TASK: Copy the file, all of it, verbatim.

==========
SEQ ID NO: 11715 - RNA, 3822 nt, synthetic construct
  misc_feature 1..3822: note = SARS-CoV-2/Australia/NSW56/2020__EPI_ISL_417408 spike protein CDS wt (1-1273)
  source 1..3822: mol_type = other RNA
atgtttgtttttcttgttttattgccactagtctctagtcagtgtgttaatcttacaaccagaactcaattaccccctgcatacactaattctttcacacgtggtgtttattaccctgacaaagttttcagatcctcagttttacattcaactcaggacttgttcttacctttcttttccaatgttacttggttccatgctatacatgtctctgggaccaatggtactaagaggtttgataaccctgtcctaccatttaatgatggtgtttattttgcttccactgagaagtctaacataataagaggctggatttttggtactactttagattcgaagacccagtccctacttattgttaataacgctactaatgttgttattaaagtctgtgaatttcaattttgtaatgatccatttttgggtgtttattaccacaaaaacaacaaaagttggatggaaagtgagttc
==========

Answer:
SEQ ID NO: 11715 - RNA, 3822 nt, synthetic construct
  misc_feature 1..3822: note = SARS-CoV-2/Australia/NSW56/2020__EPI_ISL_417408 spike protein CDS wt (1-1273)
  source 1..3822: mol_type = other RNA
atgtttgtttttcttgttttattgccactagtctctagtcagtgtgttaatcttacaaccagaactcaattaccccctgcatacactaattctttcacacgtggtgtttattaccctgacaaagttttcagatcctcagttttacattcaactcaggacttgttcttacctttcttttccaatgttacttggttccatgctatacatgtctctgggaccaatggtactaagaggtttgataaccctgtcctaccatttaatgatggtgtttattttgcttccactgagaagtctaacataataagaggctggatttttggtactactttagattcgaagacccagtccctacttattgttaataacgctactaatgttgttattaaagtctgtgaatttcaattttgtaatgatccatttttgggtgtttattaccacaaaaacaacaaaagttggatggaaagtgagttc